UPDATE 5 October.  It appears that this situation has been common on the Walsall-printed booklets for some time, although I don't recall any mention of it in the philatelic press.  In the two 2016 mixed booklets for the Queen's 90th birthday, the definitives in book 1 had yellow fluorescence in the transparent iridescent ink, but those in book 2 did not.  (And we assumed they had been printed at the same time - clearly not!)  Take a look under the UV lamp.

If you find any new printings that we are unaware of, please let us know and we will add them to the list.


  1. The most obvious difference between the February and May printings of the 2p, not requiring a UV lamp, is that the initial printing is on SBP2u backing paper and the reprint is SBP2i.It should be easy to tell which date your cylinder blocks are from.

    And please, please, please -- please don't invent a third system for describing these backing papers. It is bad enough that that we already have the MBPC, the MCC, and most Ebay sellers who bother to mention it using SBP2i/SBP2u whereas John Deering uses the totally different notation of L/S or S/L. Can't we standardise on one system or the other? We really don't need a third notation of SuLu and LuSu to create additional confusion.

    1. Thank you. Two points:

      1. It has happened before that the same value has been printed on backing paper with both orientations of printing. It is just as likely that a third printing of the 2p (or other printings of any other values) will be printed with one of the existing backings but with the other phosphor colour. So while your method works for now, it may not work in the future.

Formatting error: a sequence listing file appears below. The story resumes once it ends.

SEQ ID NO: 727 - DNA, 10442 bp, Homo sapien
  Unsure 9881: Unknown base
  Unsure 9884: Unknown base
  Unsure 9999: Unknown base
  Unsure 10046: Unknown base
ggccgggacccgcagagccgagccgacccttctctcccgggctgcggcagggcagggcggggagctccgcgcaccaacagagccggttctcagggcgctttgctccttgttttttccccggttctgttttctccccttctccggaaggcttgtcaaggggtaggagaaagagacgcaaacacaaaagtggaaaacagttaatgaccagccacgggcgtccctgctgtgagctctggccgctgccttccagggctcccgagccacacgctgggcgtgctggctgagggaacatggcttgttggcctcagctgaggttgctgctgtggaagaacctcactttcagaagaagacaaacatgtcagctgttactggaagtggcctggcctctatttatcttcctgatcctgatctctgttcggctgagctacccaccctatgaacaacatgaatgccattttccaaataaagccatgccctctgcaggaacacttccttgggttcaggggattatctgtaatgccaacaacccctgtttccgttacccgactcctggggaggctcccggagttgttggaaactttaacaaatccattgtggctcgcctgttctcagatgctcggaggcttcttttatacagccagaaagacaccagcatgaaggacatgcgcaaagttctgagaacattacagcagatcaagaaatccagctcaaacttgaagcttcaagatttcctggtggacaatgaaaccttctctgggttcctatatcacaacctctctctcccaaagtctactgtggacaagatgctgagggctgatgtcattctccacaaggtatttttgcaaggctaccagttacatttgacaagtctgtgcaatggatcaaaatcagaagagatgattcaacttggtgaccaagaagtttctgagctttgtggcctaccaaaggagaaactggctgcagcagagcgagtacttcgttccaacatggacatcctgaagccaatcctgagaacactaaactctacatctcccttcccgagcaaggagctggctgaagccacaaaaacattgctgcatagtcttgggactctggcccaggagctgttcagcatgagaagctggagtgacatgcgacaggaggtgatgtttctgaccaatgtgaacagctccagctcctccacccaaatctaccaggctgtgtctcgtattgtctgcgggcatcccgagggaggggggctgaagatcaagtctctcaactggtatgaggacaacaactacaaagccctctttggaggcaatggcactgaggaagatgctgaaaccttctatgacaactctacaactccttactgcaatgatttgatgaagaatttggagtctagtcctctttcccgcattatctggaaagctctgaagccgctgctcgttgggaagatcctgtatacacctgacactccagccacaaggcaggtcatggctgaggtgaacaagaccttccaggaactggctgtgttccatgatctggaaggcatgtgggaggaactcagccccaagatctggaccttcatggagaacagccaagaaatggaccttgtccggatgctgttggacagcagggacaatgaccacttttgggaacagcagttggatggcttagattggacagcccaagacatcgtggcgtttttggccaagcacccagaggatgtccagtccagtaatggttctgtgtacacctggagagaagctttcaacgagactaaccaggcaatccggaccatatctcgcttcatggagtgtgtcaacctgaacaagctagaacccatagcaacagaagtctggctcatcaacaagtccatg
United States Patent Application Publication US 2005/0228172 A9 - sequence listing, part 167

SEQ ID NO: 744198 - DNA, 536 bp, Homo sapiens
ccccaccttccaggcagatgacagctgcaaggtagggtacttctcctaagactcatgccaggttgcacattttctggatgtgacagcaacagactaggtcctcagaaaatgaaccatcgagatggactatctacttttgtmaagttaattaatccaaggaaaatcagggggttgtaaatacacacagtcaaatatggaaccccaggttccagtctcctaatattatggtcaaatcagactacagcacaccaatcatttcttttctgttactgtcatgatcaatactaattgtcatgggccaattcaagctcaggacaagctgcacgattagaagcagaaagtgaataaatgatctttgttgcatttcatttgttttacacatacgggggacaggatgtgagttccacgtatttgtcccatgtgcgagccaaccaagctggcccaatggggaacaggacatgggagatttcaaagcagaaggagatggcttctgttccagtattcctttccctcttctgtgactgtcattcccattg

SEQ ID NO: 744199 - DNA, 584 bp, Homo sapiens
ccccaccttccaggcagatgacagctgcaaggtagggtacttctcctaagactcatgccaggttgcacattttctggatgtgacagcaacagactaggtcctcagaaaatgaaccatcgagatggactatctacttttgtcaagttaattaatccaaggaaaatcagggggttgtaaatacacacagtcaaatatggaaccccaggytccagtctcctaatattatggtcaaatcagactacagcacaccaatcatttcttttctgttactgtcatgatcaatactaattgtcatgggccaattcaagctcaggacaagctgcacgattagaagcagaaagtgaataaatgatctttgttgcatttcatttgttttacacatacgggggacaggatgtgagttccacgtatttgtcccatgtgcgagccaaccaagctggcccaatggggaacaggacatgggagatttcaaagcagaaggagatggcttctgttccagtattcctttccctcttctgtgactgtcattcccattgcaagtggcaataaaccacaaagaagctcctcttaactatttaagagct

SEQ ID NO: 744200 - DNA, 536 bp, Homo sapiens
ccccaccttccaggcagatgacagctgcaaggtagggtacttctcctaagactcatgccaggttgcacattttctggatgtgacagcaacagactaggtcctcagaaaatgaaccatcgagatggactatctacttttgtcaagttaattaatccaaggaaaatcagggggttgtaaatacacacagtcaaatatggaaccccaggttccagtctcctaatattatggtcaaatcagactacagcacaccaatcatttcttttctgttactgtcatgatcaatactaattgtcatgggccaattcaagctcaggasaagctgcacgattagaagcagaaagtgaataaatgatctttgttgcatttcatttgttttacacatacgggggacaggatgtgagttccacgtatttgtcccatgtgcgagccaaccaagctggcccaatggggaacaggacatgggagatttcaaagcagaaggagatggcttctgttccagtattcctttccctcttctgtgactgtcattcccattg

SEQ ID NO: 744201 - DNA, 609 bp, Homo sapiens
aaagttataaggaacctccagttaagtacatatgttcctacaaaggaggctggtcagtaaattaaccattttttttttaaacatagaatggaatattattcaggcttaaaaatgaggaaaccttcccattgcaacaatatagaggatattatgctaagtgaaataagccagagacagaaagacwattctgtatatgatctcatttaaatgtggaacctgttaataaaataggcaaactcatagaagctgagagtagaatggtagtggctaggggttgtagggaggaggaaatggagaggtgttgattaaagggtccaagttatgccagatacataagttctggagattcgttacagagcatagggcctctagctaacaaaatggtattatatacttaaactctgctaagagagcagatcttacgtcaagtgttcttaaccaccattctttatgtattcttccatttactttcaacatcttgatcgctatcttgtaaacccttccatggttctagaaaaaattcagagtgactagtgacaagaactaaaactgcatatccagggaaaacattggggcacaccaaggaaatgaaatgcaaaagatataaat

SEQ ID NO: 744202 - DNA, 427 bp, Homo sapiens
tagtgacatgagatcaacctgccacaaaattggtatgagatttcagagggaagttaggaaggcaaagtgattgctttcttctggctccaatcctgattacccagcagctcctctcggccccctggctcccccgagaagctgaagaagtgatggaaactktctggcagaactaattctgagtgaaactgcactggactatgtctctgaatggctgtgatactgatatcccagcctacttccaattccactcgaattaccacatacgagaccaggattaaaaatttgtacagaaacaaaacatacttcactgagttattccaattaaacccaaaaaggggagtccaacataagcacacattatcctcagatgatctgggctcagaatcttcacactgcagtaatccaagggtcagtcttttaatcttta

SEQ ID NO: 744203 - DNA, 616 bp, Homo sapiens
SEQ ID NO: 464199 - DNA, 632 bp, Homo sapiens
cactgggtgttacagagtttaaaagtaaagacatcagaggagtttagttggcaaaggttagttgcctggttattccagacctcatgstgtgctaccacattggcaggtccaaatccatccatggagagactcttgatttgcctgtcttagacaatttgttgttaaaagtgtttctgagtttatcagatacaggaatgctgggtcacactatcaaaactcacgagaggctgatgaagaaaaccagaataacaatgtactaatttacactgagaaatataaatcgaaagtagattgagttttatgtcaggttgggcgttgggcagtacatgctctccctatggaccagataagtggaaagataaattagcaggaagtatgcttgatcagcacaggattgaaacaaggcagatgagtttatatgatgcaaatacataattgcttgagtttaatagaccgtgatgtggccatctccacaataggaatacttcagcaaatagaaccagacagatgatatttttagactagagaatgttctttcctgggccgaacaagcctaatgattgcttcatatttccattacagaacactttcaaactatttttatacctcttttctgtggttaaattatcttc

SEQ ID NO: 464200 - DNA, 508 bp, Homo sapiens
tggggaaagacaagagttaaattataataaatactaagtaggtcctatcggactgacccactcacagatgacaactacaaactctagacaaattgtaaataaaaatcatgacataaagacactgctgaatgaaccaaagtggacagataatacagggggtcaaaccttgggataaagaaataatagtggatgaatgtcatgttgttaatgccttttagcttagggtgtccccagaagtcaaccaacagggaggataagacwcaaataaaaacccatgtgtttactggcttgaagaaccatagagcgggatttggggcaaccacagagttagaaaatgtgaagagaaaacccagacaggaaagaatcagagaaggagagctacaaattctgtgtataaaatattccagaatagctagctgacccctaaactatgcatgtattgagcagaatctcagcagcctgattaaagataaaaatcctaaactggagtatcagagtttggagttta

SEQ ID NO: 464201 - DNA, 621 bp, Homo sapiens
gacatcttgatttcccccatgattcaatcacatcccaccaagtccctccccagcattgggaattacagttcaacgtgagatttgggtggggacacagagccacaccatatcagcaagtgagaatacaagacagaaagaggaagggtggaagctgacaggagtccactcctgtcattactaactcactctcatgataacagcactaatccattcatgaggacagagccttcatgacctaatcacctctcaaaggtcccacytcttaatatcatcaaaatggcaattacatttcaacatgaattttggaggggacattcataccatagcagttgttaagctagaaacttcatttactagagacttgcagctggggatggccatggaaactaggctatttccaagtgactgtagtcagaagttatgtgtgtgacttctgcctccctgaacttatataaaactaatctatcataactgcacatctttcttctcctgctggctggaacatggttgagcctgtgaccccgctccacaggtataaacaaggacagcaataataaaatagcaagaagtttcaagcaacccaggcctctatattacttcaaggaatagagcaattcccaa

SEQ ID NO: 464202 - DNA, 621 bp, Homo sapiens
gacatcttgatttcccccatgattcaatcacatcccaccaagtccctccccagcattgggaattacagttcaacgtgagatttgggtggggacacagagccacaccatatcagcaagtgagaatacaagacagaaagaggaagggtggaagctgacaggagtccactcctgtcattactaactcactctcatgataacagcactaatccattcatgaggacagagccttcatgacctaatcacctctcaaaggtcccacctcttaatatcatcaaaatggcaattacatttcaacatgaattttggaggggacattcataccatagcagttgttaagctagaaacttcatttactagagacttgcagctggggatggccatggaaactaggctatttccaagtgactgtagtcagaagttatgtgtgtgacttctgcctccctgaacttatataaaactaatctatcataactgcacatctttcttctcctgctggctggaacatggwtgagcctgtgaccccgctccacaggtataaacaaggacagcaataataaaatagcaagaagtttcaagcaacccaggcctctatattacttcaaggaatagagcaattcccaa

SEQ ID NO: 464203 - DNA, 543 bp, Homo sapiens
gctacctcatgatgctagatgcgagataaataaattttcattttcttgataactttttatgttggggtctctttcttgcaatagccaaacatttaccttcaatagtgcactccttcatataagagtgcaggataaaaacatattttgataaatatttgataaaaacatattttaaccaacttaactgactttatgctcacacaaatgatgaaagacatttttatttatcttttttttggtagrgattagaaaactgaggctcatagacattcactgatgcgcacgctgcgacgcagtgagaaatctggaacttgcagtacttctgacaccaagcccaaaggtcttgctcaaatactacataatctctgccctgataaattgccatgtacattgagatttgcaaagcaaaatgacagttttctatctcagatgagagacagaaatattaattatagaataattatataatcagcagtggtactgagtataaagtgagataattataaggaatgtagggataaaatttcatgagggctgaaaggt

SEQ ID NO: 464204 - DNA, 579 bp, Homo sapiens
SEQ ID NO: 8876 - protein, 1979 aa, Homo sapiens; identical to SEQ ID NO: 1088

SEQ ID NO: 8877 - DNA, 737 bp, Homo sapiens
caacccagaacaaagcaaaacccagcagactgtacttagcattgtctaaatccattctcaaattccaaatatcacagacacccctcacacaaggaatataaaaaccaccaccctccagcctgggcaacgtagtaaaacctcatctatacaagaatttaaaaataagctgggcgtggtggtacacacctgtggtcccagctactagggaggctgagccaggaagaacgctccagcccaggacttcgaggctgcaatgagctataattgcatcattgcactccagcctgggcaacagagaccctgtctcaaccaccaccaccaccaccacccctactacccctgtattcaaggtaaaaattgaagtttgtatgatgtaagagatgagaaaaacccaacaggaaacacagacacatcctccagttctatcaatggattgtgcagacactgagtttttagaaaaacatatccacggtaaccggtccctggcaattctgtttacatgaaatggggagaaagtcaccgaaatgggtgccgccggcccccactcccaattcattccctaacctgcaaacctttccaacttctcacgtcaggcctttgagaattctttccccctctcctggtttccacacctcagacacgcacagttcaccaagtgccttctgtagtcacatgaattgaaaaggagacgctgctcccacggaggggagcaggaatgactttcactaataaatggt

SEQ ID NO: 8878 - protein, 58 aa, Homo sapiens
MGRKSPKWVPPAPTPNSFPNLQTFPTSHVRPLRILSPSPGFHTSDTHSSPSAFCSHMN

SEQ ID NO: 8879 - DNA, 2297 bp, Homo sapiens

2. As with all situations where something new is discovered or occurs, catalogues will use a notation of some sort to identify it. In decades gone by we all waited for Stanley Gibbons as the default. Now, with the internet and faster communication, anybody who devises his own system can instantly share it with everybody else. Indeed any dealer who differentiates will want to do so before waiting for Gibbons' magazine or catalogue with their long lead times.

      SBP2i or 2u don't specify *within the code* just which is which, it is left to the user to find out or work it out.

      Similarly L/S and S/L aren't explicit enough for some people. Sure, it means Large/Small Small/Large but what does that refer to?
      Gibbons have now adopted a different system which is being used by John Deering since July's GSM, which is
      PB-Ls for LARGE above small and PB-sL for small above LARGE, still without being absolutely explicit.

      I have said from the outset, when I first suggested this as a possibility before it even happened, because Royal Mail stupidly didn't specify that the format should be the same when inverted, I don't intend to list these for every instance, nor stock them separately. In the table above, there was room to show it, so I did.

      I also don't claim that the system shown there is any better or worse than any other, but I think it is clear which one is which.

  2. I've checked my set of singles and cylinder blocks and while the 2p is clearly from the Feb printing with yellow phosphor the 2nd Large has blue phosphor , could there have been two printings of the 2nd Large?

    1. Thank you. I have decided that the 2nd Large is a brighter blue, rather than yellow, and have amended the table accordingly. The same applies to the 1st Large I think.